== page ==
JM asked in Politics & GovernmentImmigration · 7 years ago

Immigrant Workforce: What are their rights? Are they undercutting opportunities for US workers?

Yesterday, I had a conversation with one of our dish washers. She had just wrapped up a 17.5 hour day, working from 7 a.m. to 12:30 p.m., covering the breakfast, lunch, and banquet shifts. In the past, she has mentioned her “long days”, but I had no idea she worked those kind of hours -- I always assumed that she was just our evening dish washer.

Of course, this elicited a number of other questions. Specifically, how many hours does she average and how much overtime is she making? According to her, she works in excesses of 100 hours per week as an "independent" contractor with a third party company and as a result, does not receive overtime - just a flat $8.00/hour.

This, of course, led me to some retrospection - not something I do often :).

My initial response was sympathy. I feel for her and find myself concerned for her health and her rights. She is a hard worker, an intelligent lady, and deserves a much better "quality of life" than she is living. Her work ethic and commitment are models to which we should all aspire.

After some thought though, my concern turned towards the approximate 12.5 million unemployed Americans currently looking for work. Under normal circumstance, her 17.5 hours and 40 plus hours per week would require two employees under current Labor Law - assuming no overtime is allowed. Her “independent contractor” status allows her and my employer to circumvent Labor Law and thus eliminating the need to hire a second employee.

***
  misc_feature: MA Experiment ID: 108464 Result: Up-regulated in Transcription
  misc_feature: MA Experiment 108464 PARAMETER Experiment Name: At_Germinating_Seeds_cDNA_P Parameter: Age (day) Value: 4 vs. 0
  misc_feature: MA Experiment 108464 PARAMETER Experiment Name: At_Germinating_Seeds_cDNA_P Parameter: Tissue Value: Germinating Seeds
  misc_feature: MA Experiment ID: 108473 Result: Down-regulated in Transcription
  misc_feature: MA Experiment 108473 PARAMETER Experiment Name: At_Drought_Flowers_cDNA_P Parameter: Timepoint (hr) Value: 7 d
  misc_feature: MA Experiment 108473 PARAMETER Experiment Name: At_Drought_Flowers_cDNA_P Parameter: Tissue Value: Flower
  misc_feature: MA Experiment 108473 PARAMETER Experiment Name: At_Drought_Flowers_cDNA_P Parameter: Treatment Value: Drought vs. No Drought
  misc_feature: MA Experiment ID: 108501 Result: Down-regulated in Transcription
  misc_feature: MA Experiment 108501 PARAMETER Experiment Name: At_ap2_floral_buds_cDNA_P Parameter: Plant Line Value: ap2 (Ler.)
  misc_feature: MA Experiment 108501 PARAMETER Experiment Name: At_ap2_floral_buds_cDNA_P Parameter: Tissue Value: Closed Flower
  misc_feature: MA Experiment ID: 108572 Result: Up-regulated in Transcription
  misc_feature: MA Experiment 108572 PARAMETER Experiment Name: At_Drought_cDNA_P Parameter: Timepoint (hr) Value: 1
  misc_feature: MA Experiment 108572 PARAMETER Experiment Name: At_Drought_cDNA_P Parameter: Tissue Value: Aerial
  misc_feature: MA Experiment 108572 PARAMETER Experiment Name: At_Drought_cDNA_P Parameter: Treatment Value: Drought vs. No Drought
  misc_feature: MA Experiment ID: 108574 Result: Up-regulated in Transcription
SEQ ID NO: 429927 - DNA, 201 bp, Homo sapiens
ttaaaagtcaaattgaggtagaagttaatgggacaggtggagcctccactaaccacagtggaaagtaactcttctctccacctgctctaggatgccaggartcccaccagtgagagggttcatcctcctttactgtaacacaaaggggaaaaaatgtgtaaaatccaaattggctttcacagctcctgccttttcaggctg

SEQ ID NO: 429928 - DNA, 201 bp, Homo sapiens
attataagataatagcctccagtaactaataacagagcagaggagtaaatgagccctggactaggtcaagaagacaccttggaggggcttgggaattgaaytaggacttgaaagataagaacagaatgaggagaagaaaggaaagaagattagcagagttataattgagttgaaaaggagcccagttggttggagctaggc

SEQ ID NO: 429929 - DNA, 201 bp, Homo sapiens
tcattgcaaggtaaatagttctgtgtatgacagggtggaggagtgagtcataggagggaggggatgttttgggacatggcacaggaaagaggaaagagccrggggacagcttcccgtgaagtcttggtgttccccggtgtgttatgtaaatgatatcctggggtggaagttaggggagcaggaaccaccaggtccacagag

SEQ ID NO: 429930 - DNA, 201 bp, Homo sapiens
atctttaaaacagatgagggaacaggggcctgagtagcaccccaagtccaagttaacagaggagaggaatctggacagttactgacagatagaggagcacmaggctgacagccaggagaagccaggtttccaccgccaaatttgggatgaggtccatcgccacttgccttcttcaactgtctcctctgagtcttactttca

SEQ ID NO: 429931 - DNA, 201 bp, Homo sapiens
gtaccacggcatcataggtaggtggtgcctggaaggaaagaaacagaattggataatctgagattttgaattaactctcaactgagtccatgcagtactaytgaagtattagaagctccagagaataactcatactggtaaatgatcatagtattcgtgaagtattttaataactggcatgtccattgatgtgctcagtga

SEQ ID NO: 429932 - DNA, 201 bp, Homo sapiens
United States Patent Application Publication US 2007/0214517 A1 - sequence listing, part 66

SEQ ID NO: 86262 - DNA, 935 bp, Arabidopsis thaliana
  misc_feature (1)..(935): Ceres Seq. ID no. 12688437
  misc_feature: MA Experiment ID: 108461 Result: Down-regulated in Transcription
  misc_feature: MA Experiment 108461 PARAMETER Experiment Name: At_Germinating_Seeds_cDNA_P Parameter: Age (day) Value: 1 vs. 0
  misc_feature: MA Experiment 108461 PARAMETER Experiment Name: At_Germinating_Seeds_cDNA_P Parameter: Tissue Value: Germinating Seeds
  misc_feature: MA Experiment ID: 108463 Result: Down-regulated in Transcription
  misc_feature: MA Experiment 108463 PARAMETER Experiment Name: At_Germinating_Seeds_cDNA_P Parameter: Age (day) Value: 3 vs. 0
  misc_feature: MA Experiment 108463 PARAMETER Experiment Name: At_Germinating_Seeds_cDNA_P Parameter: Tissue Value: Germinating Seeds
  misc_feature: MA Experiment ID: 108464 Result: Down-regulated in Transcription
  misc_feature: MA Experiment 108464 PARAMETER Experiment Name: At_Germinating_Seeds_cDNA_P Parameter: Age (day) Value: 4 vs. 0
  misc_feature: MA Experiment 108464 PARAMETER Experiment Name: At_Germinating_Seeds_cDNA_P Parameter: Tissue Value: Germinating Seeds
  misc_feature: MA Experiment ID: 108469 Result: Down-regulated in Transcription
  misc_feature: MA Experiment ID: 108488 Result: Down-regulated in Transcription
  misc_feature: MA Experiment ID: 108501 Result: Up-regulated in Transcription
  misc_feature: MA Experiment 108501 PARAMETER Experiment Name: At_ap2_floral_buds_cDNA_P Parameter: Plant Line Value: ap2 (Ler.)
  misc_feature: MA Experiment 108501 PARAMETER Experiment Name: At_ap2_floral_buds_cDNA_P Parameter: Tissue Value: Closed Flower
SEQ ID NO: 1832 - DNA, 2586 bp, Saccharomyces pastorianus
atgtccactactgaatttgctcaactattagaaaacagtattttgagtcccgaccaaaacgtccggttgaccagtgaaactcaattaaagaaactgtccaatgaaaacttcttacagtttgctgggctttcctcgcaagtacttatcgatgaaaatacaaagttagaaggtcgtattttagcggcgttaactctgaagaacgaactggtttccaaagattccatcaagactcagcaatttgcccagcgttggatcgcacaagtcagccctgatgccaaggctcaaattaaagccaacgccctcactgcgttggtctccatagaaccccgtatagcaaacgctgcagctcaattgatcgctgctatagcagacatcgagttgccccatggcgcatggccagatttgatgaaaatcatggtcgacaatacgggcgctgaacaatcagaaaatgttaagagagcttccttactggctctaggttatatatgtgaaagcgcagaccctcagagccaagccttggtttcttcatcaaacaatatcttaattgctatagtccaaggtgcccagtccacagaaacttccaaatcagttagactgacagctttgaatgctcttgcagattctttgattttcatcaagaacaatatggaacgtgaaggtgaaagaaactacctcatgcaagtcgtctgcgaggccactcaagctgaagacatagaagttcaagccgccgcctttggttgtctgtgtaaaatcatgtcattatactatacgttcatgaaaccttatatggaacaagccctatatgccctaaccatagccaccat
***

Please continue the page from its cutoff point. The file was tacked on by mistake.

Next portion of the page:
For me, this hit a sore spot on my psyche.

Before I found my current job, I was unemployed for a few months and, during that time, I applied for every job imaginable. Nothing was beneath me. I would have jumped at the chance to wash dishes, even part time. I needed the money.

Now, I’m wondering how many of those openings were filled by "independent contractors". Obviously, this put me and those like me at the time at a distinct disadvantage with prospective employers. After all, why would they hire me if they have a ready pool of workers that are willing to work 100 plus hours a week at minimum wage with no overtime or benefits?

Of course, putting the greater social implications aside. I would jump at the chance to work the hours she is working per week, even at $8.00 per hour. That $100.00 Bill she made (maybe tax free?) is lot more than I made for my shift on the same day.

What are you thoughts?

7 Answers

  • 7 years ago
    Best Answer

    My thought in a nutshell. (in part)

    "Frequently Asked Overtime and Minimum Wage Questions"

    ....."Q: My employer will not pay me overtime because he classified my job title as an “Independent Contractor” or “1099 worker”. Is this true and am I an “Independent Contractor / 1099 worker”?

    A: Some employers incorrectly define an employee as an “Independent Contractor” in an attempt to deny overtime payments. Although “Independent Contractors” are not entitled to overtime pay, many employees characterized as “Independent Contractors” are actually non-exempt employees. Simply because an employee is “titled” as an “Independent Contractor means very little – the employee’s job description (and underlying nature of the relationship) is the determining factor in deciding whether an employee is owed overtime. Many times, employers incorrectly classify temporary workers during rush periods or “busy seasons” as “Independent Contractors”.